Cisco ISE Deployment Notes

As with any deployment, having a good design in place is the foundation of achieving a successful deployment. In this blog I will be putting together a few notes to keep in mind when designing and deploying Cisco ISE appliance.


Whilst communication is not strictly part of the actual design, it is nonetheless an important area to address. Deploying access controls in any network is a risky business indeed. Why? Well … access control here should be a good clue!

Furthermore, prior to even starting the design, you must fully understand what the requirements are and communicate the limitation within those requirements. In this process, using the existing security policy could be a very good starting point – so ask for one.

Make sure the business and non-business stakeholders are on-board with the proposed changes and attached risks. This should include network admins, system admins, users, project managers, directors, etc. – basically all of those that may be impacted positively or negatively by the proposed changes.

Keep in mind that often you will need their support too – including technical. For instance, you many need to engage with the team managing the Active Directory domain in order to push a specific group policy to support the RADIUS/dot1x deployment.

At all times, document not only your findings but also encourage for documentation to be kept up to date. Part of the documentation process should also include a troubleshooting guide which will later be handed over to the Helpdesk team.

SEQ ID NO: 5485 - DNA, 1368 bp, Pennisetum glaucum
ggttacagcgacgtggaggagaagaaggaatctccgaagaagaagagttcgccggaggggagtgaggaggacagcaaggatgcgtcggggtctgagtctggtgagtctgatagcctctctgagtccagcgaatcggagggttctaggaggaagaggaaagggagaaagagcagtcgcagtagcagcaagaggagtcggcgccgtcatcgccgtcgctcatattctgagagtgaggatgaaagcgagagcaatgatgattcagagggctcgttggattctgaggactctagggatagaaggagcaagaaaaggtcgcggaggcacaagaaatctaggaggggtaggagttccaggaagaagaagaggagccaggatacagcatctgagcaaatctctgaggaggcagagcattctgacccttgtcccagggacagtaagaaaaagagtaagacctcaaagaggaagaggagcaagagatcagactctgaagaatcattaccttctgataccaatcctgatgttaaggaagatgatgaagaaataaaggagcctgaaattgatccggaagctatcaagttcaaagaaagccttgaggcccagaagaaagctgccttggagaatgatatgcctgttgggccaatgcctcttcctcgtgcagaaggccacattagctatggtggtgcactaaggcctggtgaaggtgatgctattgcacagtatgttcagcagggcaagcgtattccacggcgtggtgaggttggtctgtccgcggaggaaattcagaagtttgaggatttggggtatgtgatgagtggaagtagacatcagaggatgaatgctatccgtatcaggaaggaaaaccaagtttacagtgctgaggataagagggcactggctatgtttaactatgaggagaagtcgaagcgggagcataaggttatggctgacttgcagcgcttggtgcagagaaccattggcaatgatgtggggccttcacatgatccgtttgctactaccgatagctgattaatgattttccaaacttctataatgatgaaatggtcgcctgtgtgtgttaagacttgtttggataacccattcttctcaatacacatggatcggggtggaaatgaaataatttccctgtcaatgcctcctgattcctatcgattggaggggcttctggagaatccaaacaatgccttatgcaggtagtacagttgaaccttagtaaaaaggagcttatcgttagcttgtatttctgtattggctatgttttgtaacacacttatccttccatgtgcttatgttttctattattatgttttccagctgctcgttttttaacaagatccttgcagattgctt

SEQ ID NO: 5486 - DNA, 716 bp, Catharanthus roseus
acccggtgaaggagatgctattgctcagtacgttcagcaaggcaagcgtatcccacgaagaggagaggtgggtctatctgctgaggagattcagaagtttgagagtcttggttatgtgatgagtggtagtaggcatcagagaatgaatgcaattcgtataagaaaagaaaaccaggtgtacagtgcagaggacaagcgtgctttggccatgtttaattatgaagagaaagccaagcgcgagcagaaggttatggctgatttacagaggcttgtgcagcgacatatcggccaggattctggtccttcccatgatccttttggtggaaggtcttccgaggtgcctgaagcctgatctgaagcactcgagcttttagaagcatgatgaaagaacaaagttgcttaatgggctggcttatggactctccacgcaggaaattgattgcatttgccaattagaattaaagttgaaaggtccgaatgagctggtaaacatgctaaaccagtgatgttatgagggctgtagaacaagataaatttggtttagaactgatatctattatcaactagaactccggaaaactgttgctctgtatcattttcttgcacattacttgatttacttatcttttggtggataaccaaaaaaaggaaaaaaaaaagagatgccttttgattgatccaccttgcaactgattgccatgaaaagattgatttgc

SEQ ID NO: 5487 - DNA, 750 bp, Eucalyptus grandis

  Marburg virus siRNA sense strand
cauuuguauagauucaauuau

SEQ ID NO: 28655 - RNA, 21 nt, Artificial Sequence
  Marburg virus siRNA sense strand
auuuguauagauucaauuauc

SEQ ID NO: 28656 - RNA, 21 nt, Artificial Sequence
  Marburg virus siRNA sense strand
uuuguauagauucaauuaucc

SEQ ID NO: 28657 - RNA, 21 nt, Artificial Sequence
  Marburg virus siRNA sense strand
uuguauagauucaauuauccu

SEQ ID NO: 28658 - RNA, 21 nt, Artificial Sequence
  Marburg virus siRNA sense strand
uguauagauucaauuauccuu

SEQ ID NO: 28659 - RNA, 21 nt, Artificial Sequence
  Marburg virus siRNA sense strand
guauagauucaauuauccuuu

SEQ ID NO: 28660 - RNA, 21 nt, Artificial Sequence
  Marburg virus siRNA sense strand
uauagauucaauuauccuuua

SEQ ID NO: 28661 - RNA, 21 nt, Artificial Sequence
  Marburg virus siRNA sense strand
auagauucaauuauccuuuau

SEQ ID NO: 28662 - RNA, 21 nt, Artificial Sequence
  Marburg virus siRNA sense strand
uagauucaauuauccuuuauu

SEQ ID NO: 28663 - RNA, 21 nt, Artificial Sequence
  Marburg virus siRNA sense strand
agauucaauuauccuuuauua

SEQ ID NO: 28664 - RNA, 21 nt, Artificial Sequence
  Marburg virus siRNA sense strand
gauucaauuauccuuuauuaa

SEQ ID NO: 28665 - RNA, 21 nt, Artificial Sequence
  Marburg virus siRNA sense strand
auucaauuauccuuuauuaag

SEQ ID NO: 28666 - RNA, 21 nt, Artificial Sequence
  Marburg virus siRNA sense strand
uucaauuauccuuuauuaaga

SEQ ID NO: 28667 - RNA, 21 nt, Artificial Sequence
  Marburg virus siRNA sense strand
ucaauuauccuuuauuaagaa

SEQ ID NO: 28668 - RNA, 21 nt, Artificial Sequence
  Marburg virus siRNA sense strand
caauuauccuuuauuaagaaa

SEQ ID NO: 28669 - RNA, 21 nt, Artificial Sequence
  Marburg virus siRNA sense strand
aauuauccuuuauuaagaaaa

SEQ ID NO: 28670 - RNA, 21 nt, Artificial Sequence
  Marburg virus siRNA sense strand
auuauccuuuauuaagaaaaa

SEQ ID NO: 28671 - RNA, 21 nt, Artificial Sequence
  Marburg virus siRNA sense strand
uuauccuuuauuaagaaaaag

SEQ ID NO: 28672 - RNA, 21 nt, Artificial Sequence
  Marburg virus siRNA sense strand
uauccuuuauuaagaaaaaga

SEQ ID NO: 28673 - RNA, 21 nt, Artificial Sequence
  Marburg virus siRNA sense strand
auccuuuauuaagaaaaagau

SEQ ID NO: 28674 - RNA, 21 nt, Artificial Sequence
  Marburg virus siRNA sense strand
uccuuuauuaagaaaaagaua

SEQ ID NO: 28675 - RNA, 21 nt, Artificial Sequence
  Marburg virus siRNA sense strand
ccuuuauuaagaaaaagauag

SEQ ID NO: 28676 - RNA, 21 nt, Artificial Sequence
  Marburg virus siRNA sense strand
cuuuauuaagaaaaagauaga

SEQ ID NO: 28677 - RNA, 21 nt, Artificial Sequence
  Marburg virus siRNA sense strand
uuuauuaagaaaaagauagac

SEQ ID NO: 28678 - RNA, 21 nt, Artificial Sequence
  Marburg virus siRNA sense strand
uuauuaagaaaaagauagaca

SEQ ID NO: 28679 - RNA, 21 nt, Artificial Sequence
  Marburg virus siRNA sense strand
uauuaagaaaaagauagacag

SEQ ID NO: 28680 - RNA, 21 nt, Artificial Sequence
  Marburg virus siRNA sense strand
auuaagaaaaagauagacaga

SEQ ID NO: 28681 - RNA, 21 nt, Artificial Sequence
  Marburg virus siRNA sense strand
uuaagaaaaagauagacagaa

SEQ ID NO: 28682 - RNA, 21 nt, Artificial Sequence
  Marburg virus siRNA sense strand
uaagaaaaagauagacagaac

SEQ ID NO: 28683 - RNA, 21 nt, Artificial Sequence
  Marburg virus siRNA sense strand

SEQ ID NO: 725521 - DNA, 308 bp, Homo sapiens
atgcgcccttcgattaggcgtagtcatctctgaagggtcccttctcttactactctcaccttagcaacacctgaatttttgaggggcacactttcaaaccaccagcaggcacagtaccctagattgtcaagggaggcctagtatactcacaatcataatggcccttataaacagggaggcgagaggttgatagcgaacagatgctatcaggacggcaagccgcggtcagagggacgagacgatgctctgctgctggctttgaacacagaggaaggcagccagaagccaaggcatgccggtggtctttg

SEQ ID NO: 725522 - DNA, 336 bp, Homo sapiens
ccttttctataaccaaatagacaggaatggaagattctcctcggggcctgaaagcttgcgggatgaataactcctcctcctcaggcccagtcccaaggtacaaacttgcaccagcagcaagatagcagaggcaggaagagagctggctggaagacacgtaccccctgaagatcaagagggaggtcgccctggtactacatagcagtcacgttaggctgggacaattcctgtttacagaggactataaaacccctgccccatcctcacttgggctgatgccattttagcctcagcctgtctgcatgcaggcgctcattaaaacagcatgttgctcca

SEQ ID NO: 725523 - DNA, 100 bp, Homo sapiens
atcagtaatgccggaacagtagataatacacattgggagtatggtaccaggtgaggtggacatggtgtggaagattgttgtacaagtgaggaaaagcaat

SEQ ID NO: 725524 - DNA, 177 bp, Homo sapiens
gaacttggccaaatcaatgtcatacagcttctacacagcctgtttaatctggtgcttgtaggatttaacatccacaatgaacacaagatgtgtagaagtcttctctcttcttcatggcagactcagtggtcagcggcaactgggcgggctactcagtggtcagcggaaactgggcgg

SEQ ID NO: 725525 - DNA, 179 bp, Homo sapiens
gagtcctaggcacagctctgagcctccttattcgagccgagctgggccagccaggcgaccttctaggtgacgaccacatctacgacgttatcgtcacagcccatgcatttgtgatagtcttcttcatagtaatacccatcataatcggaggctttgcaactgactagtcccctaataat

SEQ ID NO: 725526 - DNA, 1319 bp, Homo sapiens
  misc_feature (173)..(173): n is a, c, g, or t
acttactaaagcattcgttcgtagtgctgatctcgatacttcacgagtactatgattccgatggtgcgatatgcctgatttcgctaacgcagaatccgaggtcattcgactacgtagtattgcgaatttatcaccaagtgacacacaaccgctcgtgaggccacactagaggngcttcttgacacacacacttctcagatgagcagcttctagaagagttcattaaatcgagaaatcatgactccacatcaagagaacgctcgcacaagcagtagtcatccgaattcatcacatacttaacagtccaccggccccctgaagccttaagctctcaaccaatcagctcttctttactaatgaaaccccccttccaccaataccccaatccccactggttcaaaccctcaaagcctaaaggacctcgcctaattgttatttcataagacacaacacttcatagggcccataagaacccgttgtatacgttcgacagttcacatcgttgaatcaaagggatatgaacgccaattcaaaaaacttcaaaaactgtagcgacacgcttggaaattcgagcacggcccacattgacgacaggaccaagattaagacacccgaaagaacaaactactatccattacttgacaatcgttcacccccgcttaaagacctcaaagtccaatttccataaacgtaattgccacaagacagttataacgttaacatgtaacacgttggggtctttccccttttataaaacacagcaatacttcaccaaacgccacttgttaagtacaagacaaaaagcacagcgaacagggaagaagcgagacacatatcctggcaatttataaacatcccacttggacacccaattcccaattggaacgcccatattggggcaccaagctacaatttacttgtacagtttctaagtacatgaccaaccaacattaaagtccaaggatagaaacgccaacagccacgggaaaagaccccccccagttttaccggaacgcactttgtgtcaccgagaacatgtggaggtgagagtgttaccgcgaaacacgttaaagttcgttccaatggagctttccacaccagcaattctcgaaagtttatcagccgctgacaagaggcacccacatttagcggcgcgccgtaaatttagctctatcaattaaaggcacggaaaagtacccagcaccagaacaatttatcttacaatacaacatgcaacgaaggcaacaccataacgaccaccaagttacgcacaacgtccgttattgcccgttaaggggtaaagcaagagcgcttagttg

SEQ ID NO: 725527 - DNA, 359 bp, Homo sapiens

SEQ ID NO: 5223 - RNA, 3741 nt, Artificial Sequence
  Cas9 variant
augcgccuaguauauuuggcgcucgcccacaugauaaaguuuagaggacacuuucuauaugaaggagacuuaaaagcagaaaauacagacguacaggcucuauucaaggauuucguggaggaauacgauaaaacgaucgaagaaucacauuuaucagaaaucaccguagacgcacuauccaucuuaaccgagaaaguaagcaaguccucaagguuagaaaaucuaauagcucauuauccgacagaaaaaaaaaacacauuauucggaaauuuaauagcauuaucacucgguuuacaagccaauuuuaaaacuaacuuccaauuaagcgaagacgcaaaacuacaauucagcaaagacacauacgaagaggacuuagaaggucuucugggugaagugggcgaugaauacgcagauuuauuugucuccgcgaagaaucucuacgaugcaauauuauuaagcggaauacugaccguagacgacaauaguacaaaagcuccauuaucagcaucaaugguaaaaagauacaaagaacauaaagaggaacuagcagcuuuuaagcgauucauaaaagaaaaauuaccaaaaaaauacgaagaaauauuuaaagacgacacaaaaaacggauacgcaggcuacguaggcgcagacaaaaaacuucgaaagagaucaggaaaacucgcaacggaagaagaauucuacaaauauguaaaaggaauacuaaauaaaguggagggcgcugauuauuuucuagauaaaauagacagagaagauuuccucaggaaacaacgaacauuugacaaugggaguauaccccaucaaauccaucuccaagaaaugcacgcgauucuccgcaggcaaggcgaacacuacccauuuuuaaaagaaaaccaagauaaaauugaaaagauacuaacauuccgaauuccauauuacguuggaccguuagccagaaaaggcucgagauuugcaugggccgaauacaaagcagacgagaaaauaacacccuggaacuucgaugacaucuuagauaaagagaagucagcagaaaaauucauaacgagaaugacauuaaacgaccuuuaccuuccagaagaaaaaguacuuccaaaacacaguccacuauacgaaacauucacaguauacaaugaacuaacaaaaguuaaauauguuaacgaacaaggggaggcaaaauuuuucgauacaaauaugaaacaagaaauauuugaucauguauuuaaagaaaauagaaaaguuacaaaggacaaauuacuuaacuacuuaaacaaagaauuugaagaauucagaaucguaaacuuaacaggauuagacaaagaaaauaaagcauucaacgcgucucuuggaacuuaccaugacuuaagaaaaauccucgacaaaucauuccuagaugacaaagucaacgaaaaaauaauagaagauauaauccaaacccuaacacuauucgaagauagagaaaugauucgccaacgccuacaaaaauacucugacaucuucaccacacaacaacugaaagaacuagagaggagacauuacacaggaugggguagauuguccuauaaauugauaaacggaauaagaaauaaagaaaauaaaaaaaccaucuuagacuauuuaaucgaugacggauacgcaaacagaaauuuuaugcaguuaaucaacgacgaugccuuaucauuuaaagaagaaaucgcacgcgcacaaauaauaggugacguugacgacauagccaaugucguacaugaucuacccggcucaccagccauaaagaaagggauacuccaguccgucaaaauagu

It is a good idea to document problems and solutions you may encounter throughout the deployment. This will be valuable information to include in the tshooting guide!


Understanding the existing network environment should in fact be part of the communication process.

Additionally, Cisco ISE provides a few tools out of the box (or in the box – should I rather say) to aid in profiling the network. To find these, navigate to Administration -> Deployment -> (NODE) -> Profiling Configuration (TAB) in the web GUI:

Here we find a few sources for profiling our network:

  • Netflow
  • HTTP
  • DNS
  • DHCP
  • SNMP
  • NMAP
  • Active Directory

  1. Using the probes above will in most cases require additional configuration on your network devices too; not just on the ISE appliance. For example, profiling via SNMP will require your network devices to be configured for SNMP; profiling via DHCP will in most cases require helper-addresses to be configured – if not already, etc.
  2. Furthermore, these probes must be enabled on the PSN – the Policy Service Nodes

Once enabled, providing the relevant policies have also been setup, ISE will either send probes out or listen on specific local interfaces for the respective protocol packets, as configured.  Alternatively, we could also configure the local sensors on the network devices to automatically send information to ISE nodes.

We could use either one or the other, or both approaches above depending on the level of granularity required. Keep in mind though that enabling all probes could generate a lot of useless or duplicate information which, in a large environment could indeed cause performance issues. I found this blog post a good source for further details; for more details, check Configuring Endpoint Profiling Policies.

Once your profiling is complete, make sure you come to understand potential compatibility issues you may encounter as not all features are available across all vendors. Rather than me giving you a link, just Google for Cisco ISE compatibility matrix and you should be able to find what you need.